Despite early confidence in a booming audience, Apple Music has still found itself battling against other streaming music services like Spotify for quite some time. Spotify not only topples Apple in user bas – with 30-million paid subscribers over Apple Music’s current (but rapidly growing) 15 million – it also costs less. While subscribers won’t find many of Apple Music’s offerings on Spotify, its practical pricing and the option to stream music for free — with ads — has kept the company in popular standing among users.

Now, new reports claim that Apple is on the offensive, looking to bring Jay-Z’s exclusive TIDAL streaming service into the Apple Music fold. TIDAL currently boasts 4 million subscribers, who joined within its initial year-and-change of life.

CLEV Beyonce and Jay Z attend Game 6 of the 2016 NBA Finals between the Cleveland Cavaliers and the Golden State Warriors. (Photo by Ronald Martinez/Getty Images)

The Wall Street Journal first broke the story, saying that Apple was “exploring the idea” of bringing the service in, which might yield a win-win situation for both services. TIDAL has been shopping itself around for a while and its value certainly rests within the services top-billed performers, including founder Jay-Z, Beyoncé, Kanye West, and many others. TIDAL’s exclusive releases have driven most of its popularity, but what might make it an exceptionally smart buy for Apple? The purchase would effectively remove TIDAL from Apple Music’s pool of competition.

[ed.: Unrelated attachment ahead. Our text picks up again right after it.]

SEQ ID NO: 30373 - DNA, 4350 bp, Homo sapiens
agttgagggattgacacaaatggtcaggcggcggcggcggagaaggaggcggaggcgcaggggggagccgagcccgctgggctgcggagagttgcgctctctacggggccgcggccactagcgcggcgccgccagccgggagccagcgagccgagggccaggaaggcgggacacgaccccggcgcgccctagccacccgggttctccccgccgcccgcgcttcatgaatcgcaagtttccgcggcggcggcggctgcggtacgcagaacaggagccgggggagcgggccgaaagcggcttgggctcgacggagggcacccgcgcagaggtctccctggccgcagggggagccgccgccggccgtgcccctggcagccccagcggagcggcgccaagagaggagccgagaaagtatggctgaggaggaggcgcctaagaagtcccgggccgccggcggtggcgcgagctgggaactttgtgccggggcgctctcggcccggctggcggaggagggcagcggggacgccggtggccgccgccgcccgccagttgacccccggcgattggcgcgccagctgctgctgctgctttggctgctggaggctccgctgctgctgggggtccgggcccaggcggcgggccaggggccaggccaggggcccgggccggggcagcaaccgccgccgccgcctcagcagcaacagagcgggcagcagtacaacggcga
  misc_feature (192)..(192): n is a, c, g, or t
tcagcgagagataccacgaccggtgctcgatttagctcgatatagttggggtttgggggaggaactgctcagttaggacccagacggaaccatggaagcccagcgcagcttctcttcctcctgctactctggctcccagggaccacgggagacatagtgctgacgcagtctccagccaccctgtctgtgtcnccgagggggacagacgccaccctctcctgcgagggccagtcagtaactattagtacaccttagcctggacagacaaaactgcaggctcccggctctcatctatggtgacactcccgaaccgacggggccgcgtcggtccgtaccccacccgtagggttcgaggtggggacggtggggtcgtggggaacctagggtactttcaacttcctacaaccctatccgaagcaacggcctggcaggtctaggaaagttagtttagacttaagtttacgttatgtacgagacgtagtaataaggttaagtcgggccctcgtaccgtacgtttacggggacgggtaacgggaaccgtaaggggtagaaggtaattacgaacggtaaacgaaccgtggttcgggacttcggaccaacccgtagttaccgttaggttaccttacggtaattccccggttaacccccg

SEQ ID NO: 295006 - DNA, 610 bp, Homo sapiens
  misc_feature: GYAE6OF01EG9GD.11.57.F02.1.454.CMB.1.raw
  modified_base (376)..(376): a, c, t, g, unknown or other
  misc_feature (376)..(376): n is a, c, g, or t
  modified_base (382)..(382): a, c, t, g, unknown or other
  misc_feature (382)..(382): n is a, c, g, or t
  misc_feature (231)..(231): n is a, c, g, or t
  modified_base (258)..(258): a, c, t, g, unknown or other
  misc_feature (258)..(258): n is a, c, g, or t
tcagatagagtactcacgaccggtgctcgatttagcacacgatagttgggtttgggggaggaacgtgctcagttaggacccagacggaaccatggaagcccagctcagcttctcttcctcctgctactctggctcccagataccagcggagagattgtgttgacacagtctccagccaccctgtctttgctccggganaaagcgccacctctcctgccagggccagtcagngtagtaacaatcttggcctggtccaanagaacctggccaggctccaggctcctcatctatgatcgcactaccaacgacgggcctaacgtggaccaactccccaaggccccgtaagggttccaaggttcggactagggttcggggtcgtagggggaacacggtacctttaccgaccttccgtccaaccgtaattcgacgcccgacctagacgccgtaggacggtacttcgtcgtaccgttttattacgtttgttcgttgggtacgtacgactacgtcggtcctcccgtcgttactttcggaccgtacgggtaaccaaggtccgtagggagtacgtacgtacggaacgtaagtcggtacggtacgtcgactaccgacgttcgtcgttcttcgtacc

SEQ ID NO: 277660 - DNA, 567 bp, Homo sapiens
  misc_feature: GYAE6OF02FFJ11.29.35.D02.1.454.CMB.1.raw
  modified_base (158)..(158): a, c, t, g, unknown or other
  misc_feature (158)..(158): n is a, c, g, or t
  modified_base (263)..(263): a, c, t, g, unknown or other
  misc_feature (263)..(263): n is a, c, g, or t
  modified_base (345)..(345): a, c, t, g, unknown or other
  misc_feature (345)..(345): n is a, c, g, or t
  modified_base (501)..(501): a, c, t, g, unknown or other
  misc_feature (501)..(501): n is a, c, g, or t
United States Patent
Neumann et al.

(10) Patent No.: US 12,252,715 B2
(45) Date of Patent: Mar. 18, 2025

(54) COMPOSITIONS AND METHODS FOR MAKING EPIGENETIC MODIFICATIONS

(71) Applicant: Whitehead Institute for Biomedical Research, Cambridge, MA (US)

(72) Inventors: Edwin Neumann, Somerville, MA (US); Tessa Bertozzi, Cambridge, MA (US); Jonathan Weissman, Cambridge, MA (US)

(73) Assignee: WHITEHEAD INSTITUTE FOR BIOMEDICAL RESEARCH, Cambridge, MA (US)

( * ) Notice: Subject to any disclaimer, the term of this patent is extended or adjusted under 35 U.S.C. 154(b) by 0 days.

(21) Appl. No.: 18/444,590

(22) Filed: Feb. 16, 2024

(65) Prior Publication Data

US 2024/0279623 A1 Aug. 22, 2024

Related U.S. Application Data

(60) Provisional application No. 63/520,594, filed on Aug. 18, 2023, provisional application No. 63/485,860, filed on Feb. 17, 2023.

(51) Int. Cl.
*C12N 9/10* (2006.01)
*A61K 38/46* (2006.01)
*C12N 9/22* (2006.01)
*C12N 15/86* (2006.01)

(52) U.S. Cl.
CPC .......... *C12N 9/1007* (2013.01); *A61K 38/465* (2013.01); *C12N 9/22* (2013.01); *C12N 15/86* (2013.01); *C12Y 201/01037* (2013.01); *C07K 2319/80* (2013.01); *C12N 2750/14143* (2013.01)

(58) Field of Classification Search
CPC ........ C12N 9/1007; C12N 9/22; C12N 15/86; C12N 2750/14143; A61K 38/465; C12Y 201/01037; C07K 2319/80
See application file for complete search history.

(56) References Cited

Earlier today, we detailed Apple’s refusal to release the latest iOS update of Spotify, and this holds true as yet another chapter in Apple’s struggle for power. While Apple Music’s acquirement of the marketing and event-worthy artist exclusives may be a power play in the long Game of Streaming Services, Spotify is no stranger to this kind of harsh competition.

Regardless, TIDAL has been looking for a buyer, and lost its opportunity to find a home in Samsung earlier this year. Outwardly, the deal looks like it might be easy (and logical), so its up to the powers that be to decide on price and conditions.


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